A close second to my cozy bed I mentioned earlier, Spry Stadium is one of my favorite places on the Wake Forest campus. What’s even more exciting is they’re currently renovating the field and adding professional touches to what was already one of the best fields in the ACC. Playing in the ACC provides us with the best competition in women’s soccer, and playing for Wake Forest provides us the opportunity to play those matches on a beautiful field in front of a dedicated, spirited, and intense crowd. Nothing can compare to wearing the Wake Forest crest and playing in front of a crowd that loves to see and participate in a Demon Deacon victory.
When we aren’t playing a game at Spry, we’re training. As a very competitive and goal-driven person, the atmosphere at Wake Forest, which promotes improvement and competition, is a perfect one for me to thrive in. The word “extra” has become the team’s motto and was even sent out via a mass text from Tony — whether on purpose or by accident, we’ll never know. Because doing extra training or extra lifting or extra running has become paramount on the team, the phrase “Let’s go to Spry” has become an invitation and an opportunity to do extra. This desire for improvement surrounds the team and is necessary for individual improvement and for us to compete in the ACC.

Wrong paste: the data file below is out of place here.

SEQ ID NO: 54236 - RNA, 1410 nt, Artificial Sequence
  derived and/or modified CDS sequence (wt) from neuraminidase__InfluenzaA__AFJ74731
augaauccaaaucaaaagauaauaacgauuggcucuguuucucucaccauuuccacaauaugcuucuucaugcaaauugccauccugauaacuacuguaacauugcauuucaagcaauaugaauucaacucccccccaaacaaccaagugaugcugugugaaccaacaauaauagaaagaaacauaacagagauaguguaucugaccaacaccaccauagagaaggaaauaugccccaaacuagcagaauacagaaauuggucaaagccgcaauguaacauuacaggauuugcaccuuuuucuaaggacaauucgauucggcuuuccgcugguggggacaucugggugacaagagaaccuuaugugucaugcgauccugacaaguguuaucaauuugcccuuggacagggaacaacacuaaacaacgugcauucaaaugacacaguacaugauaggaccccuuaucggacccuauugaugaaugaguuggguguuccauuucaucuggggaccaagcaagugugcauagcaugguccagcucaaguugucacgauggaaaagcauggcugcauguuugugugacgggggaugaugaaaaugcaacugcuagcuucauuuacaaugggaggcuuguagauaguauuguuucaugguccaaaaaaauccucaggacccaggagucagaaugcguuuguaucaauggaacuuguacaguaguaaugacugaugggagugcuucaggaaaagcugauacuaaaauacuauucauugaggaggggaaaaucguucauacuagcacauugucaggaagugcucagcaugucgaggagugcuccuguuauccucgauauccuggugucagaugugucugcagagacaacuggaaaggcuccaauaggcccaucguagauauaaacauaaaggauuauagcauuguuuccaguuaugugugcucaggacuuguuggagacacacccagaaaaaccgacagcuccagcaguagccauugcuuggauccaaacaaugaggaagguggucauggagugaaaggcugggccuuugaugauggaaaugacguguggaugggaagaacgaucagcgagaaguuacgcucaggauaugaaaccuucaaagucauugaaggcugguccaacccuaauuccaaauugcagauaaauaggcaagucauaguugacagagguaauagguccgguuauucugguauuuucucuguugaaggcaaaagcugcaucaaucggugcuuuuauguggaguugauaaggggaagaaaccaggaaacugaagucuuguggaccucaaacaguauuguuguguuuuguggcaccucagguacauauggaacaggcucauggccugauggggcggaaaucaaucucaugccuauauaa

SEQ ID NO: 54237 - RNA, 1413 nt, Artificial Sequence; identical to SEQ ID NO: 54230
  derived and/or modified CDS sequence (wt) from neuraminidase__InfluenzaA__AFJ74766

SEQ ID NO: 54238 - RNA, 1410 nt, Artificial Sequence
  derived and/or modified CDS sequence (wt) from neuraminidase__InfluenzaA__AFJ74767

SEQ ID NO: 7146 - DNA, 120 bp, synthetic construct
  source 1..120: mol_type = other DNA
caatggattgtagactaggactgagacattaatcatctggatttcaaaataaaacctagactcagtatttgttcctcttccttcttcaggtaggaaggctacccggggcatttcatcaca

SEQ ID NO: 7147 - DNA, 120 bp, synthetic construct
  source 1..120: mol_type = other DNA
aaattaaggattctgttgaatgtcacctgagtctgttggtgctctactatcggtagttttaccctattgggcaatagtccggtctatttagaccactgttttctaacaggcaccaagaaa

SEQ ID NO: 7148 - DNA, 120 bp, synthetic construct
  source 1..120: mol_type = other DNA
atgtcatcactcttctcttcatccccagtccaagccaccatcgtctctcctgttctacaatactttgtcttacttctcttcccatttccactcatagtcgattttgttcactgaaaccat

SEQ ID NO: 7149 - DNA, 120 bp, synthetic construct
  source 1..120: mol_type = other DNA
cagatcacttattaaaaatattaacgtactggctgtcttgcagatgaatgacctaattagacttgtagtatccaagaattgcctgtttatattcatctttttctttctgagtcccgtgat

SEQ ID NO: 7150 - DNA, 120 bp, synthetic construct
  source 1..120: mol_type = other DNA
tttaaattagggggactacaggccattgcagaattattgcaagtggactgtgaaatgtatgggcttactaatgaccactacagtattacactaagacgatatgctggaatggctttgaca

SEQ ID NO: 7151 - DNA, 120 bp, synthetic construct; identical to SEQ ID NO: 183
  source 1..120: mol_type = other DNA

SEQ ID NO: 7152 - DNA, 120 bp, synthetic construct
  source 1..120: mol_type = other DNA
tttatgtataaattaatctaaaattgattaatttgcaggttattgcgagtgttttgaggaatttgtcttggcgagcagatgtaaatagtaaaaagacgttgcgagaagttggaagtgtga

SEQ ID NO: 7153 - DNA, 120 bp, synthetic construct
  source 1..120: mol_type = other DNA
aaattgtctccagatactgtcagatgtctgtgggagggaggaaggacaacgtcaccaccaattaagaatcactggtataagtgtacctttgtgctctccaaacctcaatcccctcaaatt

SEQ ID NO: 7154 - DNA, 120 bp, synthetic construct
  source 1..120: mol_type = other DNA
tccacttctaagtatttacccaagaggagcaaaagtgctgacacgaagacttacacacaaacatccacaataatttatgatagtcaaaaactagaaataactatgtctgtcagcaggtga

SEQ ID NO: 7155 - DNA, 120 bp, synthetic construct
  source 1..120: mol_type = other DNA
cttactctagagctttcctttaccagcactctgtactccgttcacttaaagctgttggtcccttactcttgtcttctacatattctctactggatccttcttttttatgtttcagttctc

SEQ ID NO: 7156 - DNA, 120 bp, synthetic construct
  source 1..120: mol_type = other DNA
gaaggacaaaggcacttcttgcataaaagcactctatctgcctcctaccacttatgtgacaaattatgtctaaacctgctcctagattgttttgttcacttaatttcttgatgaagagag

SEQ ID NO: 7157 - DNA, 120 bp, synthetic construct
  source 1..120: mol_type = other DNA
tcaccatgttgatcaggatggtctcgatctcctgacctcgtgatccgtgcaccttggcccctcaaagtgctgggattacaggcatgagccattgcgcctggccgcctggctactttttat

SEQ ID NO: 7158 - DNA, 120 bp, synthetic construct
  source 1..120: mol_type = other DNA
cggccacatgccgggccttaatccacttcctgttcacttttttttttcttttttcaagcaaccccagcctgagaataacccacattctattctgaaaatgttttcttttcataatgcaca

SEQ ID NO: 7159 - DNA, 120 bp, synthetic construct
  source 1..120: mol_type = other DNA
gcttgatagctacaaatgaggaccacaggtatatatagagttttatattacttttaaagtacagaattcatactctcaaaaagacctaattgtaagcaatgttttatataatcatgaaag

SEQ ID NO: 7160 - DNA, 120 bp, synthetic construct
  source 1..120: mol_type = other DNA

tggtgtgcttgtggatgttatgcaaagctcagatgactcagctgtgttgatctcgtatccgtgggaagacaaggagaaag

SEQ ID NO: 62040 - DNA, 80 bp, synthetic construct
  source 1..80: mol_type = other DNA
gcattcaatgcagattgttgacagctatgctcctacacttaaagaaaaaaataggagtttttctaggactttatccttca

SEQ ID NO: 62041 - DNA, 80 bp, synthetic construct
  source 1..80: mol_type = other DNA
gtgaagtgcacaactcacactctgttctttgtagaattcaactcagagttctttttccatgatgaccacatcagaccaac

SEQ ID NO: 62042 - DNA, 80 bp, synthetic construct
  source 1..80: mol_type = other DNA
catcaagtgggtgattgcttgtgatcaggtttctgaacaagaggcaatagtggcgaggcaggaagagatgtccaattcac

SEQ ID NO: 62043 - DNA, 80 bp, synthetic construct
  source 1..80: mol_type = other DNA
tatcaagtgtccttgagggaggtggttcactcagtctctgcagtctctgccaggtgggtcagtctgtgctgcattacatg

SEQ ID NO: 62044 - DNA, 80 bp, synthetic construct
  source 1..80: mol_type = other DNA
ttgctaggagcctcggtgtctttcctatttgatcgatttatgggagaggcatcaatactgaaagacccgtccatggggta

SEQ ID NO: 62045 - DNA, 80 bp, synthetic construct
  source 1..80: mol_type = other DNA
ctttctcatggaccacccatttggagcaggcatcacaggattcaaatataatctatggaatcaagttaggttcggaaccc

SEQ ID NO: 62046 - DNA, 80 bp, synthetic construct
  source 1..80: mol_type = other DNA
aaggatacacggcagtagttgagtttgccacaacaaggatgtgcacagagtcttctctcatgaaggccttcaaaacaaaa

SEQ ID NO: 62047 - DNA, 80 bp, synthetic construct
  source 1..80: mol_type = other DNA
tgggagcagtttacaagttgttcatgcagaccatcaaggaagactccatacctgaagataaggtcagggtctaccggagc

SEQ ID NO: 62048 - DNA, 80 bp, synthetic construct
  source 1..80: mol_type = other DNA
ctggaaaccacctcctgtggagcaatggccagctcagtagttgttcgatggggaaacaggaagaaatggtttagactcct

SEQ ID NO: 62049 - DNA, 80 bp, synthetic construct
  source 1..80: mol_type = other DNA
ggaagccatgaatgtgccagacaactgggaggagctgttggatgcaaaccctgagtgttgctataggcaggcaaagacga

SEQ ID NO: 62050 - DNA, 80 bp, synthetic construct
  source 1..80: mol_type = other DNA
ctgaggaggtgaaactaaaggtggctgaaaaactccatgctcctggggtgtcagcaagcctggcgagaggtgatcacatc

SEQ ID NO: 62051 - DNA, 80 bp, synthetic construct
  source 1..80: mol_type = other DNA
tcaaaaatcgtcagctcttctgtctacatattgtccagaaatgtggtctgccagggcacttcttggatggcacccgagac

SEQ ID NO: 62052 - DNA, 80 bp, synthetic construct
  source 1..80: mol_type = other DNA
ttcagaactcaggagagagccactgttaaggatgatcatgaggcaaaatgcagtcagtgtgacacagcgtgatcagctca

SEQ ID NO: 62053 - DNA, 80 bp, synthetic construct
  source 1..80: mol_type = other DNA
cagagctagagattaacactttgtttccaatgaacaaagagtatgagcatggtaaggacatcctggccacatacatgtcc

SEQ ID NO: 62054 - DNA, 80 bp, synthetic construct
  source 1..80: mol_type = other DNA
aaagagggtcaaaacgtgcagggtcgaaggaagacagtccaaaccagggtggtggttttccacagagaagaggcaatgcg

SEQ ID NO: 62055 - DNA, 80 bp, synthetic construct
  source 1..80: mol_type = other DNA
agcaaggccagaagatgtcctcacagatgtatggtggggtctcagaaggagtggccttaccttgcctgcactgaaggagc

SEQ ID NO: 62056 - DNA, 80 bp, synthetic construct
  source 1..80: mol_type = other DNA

After an early, but productive training session, lunch with teammates, and a late night pick-up session on a beautiful field, I’m finally ready for bed. I have come to realize how blessed I am to be a part of such a team, or rather, a family. Playing for Wake Forest has made me a better soccer player and also a better person. I’m lucky to call Winston-Salem home, and any competitive soccer player would surely agree.